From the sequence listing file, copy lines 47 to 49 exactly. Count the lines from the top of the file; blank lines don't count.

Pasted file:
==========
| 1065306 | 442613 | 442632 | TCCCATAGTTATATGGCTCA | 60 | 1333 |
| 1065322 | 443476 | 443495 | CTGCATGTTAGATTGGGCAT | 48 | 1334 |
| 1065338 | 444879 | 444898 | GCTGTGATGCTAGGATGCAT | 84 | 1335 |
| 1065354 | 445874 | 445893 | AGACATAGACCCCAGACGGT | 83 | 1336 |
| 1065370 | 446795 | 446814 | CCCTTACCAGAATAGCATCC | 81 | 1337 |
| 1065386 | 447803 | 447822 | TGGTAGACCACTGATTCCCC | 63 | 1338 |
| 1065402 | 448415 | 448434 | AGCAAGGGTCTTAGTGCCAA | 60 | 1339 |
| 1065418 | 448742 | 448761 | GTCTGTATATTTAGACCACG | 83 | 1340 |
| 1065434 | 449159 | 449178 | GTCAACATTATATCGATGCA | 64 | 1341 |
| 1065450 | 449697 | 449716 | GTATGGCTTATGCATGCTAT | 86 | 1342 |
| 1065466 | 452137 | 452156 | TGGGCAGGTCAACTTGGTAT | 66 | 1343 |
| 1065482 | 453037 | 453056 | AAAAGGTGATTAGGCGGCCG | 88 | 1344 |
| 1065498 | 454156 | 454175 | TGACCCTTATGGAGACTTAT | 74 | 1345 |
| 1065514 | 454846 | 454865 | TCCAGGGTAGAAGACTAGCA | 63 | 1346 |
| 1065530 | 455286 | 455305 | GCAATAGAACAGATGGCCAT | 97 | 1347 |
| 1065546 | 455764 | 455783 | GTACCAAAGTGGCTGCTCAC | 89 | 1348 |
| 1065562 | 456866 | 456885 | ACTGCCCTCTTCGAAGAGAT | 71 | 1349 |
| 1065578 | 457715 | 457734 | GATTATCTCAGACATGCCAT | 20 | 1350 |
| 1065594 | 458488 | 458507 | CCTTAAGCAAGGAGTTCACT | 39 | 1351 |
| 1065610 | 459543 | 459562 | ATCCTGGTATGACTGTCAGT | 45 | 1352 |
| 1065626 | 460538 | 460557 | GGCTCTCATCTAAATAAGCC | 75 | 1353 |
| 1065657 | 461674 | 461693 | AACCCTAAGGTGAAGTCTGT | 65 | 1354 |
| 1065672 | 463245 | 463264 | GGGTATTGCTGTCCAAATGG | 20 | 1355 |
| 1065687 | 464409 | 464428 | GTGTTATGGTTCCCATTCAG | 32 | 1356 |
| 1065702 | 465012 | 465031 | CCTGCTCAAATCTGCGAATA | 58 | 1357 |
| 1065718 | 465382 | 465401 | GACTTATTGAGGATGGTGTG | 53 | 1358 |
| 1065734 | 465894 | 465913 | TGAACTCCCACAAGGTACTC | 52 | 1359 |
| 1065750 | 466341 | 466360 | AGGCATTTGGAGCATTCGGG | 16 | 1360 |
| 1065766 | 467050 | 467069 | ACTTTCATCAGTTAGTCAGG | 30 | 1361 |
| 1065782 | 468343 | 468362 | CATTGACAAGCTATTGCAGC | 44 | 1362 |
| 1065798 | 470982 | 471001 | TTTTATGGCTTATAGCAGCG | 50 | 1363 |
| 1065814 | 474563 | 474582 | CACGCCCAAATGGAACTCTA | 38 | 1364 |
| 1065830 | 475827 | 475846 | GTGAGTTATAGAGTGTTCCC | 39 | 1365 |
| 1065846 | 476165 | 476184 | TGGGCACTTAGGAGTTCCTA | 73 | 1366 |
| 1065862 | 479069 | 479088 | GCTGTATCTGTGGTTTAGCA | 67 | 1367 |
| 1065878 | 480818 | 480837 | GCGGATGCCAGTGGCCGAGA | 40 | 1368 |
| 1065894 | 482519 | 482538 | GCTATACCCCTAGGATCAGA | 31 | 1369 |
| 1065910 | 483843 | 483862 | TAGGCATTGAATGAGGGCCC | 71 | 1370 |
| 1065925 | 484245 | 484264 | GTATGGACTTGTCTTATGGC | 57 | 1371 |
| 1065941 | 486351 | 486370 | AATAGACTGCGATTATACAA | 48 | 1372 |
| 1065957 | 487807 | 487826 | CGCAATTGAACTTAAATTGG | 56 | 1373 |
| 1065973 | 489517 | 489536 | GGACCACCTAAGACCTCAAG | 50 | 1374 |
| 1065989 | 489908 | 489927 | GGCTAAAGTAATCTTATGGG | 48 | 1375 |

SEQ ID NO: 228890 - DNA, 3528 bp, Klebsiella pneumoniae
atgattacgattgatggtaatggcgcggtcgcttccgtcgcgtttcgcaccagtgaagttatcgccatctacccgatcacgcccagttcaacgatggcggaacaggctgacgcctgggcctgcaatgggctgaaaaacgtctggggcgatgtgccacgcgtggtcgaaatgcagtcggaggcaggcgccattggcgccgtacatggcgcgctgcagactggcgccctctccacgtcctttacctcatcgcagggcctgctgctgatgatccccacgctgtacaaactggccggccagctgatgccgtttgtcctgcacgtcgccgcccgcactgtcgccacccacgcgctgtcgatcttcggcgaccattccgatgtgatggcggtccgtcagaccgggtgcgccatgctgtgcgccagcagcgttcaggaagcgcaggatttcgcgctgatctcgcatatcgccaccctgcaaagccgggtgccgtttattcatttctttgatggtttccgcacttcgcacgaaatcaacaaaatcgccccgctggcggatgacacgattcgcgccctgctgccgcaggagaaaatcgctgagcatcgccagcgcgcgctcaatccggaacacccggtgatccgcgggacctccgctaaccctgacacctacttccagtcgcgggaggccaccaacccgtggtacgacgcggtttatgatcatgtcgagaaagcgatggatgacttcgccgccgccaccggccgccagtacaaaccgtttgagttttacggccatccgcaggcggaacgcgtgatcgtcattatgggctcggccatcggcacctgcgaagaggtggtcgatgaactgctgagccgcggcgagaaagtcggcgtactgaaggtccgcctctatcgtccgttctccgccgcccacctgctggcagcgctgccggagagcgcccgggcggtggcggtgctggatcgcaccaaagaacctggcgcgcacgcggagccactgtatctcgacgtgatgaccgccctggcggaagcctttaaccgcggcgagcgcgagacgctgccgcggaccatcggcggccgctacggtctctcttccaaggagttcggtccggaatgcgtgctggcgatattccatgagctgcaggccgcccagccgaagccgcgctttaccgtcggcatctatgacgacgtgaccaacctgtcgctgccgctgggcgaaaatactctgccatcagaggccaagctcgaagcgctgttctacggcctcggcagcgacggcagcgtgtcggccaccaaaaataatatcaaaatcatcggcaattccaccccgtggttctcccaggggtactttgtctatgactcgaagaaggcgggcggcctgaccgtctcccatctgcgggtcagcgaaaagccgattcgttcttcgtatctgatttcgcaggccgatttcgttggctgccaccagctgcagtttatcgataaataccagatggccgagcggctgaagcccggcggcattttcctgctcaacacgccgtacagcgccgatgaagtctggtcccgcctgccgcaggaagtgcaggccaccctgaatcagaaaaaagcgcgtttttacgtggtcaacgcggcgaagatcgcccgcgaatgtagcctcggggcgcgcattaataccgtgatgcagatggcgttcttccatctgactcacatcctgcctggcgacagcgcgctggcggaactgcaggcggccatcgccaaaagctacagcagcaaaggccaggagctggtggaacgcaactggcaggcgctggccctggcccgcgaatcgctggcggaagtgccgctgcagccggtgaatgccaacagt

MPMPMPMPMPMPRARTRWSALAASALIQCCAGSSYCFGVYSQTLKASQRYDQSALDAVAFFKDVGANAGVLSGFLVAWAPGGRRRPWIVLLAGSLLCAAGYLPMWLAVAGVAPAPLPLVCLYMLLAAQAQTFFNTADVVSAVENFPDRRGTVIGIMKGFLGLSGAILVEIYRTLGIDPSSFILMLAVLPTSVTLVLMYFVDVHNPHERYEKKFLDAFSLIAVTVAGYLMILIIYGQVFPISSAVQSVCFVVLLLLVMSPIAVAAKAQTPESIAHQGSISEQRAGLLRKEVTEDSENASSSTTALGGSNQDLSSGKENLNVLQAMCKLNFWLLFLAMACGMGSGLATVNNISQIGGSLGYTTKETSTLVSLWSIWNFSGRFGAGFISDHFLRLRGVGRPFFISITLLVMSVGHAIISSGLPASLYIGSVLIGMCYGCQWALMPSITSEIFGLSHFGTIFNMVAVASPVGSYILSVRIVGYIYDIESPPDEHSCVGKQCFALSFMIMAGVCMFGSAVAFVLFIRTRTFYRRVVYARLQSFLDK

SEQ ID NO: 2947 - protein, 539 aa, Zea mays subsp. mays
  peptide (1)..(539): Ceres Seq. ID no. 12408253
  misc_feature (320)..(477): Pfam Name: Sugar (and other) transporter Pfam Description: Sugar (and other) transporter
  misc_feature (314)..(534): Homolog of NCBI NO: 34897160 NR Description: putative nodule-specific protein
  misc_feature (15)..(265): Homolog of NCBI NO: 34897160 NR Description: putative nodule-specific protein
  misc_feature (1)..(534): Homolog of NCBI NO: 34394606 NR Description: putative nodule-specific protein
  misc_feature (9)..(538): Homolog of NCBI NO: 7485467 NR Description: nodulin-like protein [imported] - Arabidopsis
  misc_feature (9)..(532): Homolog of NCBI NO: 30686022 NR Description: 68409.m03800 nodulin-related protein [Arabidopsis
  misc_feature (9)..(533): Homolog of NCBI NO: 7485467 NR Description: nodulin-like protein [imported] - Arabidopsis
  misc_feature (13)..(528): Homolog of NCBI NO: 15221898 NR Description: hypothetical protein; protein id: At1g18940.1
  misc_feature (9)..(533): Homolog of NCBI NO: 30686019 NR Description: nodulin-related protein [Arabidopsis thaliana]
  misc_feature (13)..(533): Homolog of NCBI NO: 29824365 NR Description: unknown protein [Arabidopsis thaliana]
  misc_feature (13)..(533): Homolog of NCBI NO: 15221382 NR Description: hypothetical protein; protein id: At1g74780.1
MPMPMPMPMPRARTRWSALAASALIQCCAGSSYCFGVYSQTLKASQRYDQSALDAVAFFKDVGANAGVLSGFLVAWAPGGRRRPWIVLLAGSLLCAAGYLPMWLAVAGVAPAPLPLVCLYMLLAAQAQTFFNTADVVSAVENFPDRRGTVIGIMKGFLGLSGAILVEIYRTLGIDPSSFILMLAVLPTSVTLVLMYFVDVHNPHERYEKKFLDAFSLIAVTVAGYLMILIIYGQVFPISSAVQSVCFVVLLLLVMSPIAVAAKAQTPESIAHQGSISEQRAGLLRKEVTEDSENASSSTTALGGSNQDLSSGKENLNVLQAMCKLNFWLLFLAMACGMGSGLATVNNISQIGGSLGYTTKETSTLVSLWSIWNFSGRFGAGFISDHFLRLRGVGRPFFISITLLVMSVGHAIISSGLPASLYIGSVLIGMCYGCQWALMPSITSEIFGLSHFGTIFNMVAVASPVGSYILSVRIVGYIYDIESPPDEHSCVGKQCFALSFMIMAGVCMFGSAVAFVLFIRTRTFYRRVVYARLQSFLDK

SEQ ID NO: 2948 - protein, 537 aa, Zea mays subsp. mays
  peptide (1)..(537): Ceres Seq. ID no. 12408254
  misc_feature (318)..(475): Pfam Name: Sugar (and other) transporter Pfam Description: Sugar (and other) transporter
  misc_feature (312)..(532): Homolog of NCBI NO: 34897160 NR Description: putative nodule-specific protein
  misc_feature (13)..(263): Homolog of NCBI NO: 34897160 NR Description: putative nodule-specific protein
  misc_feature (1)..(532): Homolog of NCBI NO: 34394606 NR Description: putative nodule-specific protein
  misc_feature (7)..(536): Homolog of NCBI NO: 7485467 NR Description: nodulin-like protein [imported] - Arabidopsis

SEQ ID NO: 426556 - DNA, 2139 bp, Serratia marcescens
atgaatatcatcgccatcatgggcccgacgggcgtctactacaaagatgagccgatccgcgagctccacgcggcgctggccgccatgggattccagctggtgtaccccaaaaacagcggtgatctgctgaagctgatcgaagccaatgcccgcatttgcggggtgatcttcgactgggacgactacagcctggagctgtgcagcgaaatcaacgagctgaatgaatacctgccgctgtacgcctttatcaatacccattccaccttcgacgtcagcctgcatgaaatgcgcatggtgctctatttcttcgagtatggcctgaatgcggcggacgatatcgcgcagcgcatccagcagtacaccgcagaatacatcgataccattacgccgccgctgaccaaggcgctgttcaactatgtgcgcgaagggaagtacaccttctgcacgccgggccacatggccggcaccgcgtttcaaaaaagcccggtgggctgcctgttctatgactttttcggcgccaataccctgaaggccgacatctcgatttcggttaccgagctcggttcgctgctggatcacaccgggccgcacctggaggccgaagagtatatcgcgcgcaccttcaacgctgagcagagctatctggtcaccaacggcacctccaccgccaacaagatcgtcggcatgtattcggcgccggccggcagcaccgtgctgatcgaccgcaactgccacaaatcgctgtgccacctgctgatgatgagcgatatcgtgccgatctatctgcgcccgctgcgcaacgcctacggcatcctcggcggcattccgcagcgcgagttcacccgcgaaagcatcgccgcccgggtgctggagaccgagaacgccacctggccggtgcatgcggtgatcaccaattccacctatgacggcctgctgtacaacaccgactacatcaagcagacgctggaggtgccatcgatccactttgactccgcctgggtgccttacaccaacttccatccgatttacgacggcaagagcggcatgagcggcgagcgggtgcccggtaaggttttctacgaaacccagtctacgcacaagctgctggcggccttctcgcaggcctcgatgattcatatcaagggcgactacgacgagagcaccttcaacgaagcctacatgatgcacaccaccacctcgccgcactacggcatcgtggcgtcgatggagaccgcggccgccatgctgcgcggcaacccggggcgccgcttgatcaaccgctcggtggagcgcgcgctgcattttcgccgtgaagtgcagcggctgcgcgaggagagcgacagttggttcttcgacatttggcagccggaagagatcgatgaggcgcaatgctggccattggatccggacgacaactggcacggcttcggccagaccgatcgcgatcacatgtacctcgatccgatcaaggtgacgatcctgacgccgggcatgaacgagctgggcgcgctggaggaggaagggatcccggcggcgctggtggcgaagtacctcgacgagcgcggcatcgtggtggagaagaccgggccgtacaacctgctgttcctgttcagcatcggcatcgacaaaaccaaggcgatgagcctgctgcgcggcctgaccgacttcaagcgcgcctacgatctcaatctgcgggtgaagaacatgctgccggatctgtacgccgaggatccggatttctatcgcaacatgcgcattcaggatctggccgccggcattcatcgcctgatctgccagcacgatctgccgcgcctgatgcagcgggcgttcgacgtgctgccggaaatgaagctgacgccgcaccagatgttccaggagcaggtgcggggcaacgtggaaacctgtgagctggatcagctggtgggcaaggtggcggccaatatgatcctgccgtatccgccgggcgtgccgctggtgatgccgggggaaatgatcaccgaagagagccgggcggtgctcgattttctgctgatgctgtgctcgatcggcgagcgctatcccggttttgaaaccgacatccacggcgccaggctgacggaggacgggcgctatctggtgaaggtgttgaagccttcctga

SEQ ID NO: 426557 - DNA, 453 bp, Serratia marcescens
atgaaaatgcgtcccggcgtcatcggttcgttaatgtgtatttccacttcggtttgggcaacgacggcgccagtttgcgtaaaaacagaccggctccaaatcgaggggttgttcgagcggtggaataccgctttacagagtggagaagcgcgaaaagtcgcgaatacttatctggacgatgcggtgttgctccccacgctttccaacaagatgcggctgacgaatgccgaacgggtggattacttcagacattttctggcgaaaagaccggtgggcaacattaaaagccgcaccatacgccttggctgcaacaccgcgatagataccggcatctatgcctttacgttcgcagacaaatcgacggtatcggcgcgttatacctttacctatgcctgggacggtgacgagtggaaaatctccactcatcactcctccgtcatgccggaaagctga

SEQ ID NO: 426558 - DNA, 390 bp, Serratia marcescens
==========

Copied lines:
SEQ ID NO: 2947 - protein, 539 aa, Zea mays subsp. mays
  peptide (1)..(539): Ceres Seq. ID no. 12408253
  misc_feature (320)..(477): Pfam Name: Sugar (and other) transporter Pfam Description: Sugar (and other) transporter